—Bodil Liljefors Persson, Malmö University
“This volume will be useful to scholars from a wide variety of disciplines and. . . . for undergraduates in the college classroom. . . . This work points to important methodological approaches and convincingly argues that reconsideration of an ethnic category taken at face value is long overdue. It should not be the last word on the matter but instead ought to point scholars in new directions as they call into question Maya ethnicity as a static, permanent condition in other contexts.”
—Hispanic American Historical Review
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"The Only True People" is a timely and rigorous examination of ethnicity among the ancient and modern Maya, focusing on ethnogenesis and exploring the complexities of Maya identity—how it developed, where and when it emerged, and why it continues to change over time. In the volume, a multidisciplinary group of well-known scholars including archaeologists, linguists, ethnographers, ethnohistorians, and epigraphers investigate ethnicity and other forms of group identity at a number of Maya sites and places, from the northern reaches of the Yucatan to the Southern Periphery, and across different time periods, from the Classic period to the modern day.
Each contribution challenges the notion of ethnically homogenous "Maya peoples" for their region and chronology and explores how their work contributes to the definition of "ethnicity" for ancient Maya society. Contributors confront some of the most difficult theoretical debates concerning identity in the literature today: how different ethnic groups define themselves in relation to others; under what circumstances ethnicity is marked by overt expressions of group membership and when it is hidden from view; and the processes that transform ethnic identities and their expressions.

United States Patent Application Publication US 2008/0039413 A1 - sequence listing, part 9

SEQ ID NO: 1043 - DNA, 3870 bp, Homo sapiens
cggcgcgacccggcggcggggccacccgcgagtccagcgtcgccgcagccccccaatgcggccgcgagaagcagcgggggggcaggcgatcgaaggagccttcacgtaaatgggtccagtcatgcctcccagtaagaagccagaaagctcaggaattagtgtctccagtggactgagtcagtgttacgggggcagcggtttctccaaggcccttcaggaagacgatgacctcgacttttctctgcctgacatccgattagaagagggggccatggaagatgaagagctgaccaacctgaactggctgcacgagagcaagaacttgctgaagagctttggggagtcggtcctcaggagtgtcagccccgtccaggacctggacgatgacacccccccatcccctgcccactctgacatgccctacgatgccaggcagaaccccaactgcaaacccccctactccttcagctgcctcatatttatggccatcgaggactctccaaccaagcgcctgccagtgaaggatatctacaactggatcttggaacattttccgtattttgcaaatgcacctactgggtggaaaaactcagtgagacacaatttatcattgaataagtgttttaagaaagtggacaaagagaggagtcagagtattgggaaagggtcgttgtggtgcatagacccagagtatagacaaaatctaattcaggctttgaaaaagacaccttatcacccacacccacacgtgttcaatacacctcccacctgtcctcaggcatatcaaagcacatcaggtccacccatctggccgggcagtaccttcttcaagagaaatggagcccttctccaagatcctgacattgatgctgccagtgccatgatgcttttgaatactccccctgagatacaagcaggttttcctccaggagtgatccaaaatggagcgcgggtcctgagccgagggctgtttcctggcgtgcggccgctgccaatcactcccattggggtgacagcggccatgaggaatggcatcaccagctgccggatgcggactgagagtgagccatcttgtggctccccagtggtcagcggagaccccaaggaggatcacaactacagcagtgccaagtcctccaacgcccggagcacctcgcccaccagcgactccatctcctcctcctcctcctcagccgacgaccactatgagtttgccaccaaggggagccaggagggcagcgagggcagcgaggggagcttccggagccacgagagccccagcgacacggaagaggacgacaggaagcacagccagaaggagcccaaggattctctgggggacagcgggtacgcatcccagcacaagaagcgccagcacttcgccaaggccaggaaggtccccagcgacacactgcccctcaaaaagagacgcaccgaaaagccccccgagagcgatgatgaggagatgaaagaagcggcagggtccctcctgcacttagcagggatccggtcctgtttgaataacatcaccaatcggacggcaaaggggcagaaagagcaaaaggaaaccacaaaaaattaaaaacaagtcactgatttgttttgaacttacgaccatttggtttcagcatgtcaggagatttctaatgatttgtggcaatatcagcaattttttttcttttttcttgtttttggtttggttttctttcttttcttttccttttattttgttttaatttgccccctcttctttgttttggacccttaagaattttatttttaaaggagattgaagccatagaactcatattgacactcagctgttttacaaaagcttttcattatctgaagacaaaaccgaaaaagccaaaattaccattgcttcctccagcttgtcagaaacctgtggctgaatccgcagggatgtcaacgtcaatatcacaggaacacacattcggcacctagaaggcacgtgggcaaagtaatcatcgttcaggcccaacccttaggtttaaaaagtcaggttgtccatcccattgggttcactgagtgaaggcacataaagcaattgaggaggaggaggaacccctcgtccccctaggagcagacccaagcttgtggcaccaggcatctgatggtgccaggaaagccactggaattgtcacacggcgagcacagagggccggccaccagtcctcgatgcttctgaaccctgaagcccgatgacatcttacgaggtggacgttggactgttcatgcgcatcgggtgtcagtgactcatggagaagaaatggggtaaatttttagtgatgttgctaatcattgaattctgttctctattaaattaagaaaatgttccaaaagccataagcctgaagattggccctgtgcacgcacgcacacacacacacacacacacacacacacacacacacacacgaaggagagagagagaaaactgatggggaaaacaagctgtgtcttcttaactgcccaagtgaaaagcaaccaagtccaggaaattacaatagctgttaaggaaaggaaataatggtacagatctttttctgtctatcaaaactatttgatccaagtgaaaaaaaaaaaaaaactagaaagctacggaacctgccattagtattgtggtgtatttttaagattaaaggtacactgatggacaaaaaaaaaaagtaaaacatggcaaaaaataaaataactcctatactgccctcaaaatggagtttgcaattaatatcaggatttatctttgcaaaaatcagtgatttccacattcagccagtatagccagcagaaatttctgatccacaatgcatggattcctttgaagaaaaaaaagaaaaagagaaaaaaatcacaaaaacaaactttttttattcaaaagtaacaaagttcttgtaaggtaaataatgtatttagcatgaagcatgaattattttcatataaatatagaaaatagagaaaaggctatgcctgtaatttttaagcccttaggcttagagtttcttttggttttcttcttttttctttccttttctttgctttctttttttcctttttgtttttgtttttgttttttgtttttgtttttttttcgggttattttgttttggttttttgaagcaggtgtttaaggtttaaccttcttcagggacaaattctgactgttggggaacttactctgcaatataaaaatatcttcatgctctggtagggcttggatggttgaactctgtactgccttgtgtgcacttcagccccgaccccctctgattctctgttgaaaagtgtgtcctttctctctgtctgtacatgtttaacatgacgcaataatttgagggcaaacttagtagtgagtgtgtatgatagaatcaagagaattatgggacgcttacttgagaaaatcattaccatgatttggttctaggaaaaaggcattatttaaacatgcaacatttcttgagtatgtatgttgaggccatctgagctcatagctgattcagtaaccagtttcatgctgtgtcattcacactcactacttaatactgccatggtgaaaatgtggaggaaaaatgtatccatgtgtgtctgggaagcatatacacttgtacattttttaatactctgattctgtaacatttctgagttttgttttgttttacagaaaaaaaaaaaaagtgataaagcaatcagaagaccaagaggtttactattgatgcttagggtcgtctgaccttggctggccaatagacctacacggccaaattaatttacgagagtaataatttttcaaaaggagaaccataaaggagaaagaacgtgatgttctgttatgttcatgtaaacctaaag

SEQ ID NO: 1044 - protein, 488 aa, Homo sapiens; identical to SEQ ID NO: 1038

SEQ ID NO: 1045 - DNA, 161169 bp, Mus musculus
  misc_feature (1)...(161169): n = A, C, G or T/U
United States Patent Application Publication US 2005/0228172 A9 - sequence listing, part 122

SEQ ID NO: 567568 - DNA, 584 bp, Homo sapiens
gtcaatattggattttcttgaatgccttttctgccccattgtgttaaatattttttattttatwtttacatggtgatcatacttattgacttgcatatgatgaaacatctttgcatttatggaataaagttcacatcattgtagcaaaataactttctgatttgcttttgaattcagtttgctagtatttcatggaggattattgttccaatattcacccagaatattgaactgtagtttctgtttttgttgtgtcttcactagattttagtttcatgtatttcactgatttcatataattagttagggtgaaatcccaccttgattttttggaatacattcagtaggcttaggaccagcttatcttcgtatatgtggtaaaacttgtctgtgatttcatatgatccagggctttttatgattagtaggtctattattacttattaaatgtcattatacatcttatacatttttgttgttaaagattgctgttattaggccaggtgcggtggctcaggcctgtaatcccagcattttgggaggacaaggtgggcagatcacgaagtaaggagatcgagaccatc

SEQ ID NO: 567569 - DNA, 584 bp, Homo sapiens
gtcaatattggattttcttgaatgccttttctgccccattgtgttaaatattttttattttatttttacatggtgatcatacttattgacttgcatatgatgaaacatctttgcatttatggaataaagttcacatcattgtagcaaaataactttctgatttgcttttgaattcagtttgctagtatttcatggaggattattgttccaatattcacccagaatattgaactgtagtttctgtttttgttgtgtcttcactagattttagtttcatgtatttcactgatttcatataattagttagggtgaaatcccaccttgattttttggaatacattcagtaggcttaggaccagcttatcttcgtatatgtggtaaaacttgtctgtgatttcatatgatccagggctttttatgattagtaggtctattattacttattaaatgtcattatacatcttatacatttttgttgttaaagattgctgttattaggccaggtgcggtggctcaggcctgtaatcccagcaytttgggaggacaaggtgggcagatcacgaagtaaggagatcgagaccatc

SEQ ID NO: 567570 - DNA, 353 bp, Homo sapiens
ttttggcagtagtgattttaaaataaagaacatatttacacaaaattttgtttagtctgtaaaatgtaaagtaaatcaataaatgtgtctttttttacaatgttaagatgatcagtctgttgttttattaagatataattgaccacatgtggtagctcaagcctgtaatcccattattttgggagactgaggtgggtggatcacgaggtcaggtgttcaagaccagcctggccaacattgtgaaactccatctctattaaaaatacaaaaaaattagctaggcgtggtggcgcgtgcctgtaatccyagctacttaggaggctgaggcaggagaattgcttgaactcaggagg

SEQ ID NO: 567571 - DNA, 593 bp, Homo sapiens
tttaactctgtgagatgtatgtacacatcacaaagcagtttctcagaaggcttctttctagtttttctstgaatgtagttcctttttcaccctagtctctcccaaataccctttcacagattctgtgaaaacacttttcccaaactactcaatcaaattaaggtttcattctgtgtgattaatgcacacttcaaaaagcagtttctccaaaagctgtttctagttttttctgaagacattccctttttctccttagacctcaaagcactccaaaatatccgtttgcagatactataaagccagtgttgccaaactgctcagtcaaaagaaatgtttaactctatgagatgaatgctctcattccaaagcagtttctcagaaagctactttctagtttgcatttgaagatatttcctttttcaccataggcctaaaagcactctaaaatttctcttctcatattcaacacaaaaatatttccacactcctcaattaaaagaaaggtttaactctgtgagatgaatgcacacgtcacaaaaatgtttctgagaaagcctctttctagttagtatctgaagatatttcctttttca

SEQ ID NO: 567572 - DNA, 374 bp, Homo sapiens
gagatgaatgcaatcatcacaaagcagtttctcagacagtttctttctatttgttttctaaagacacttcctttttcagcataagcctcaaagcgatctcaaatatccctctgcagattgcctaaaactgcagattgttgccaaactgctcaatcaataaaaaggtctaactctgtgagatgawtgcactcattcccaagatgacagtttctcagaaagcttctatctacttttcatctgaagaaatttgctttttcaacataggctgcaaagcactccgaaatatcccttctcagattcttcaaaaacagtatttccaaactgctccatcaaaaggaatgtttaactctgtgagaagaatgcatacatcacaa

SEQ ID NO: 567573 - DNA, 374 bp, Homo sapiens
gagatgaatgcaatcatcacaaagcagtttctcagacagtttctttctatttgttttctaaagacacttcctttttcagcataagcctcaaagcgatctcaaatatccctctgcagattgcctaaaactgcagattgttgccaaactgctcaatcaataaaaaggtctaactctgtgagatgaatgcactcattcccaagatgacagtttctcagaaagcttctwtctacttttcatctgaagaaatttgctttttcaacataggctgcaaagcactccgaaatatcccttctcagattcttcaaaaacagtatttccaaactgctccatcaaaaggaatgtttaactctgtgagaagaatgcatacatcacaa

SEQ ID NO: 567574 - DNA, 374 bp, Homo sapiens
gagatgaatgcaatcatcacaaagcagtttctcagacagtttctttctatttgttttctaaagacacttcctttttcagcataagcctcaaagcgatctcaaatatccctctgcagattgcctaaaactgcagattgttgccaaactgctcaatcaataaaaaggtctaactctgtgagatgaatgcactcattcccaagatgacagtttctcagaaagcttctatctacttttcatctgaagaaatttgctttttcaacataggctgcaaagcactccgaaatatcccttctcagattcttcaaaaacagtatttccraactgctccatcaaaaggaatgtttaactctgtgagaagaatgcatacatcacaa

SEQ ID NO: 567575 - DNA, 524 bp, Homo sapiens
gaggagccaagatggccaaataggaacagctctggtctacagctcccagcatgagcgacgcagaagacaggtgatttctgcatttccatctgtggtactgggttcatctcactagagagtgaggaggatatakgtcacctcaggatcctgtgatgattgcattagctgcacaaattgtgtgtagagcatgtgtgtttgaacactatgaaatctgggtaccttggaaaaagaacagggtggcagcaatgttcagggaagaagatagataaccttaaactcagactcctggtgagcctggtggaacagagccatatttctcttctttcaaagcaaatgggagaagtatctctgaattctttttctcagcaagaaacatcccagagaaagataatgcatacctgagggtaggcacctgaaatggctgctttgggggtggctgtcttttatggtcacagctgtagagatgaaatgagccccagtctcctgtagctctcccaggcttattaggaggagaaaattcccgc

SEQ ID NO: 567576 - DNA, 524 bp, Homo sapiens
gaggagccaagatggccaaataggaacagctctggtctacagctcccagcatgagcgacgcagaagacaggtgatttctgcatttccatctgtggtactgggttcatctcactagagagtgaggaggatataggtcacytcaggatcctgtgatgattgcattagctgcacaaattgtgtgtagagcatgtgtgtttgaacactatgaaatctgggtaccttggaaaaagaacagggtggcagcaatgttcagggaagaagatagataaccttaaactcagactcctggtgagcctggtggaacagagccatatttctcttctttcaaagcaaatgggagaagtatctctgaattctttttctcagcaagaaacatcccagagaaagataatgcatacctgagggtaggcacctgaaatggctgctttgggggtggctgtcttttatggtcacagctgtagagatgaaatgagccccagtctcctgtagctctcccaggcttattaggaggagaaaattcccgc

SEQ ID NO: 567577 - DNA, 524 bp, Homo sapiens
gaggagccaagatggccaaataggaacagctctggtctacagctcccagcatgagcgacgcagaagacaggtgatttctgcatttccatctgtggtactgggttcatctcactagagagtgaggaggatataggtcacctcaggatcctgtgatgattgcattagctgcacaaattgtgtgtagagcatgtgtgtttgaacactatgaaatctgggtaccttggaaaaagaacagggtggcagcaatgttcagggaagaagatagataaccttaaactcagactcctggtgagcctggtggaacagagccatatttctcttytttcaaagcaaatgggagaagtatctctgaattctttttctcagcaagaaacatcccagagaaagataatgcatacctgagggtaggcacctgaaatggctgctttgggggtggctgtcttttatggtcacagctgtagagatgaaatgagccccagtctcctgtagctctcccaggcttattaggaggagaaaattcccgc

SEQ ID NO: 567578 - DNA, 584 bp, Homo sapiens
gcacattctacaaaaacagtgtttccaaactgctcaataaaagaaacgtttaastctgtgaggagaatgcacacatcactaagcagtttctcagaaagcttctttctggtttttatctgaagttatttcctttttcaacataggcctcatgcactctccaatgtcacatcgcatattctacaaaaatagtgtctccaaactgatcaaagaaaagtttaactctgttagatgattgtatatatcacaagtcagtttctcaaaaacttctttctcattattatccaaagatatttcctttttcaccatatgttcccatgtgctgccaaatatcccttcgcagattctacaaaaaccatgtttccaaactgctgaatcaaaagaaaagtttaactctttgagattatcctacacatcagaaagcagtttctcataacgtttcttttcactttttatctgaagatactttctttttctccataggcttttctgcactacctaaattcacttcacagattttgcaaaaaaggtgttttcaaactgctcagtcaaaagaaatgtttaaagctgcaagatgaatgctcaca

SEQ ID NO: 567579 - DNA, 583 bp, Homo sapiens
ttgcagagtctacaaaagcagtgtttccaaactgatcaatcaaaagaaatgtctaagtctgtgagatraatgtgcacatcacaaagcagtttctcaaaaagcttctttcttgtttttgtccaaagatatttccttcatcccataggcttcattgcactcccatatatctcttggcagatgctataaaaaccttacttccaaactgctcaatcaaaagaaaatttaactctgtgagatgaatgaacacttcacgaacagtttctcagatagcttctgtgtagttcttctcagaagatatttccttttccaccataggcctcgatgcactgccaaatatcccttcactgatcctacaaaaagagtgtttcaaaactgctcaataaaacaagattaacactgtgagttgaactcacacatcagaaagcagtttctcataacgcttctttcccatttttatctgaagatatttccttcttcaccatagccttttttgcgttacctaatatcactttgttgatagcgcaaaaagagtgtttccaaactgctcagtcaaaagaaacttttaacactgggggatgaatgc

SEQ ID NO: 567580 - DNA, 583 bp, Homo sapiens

By addressing the social constructs and conditions behind Maya ethnicity, both past and present, "The Only True People" contributes to the understanding of ethnicity as a complex set of relationships among people who lived in real and imagined communities, as well as among people separated by social boundaries. The volume will be a key resource for Mayanists and will be of interest to students and scholars of ethnography, anthropology, and cultural studies as well.
Contributors: McCale Ashenbrener, Ellen E. Bell, Marcello A. Canuto, Juan Castillo Cocom, David A. Freidel, Wolfgang Gabbert, Stanley P. Guente, Jonathan Hill, Charles Andrew Hofling, Martha J. Macri, Damien B. Marken, Matthew Restall, Timoteo Rodriguez, Mathew C. Samson, Edward Schortman, Rebecca Storey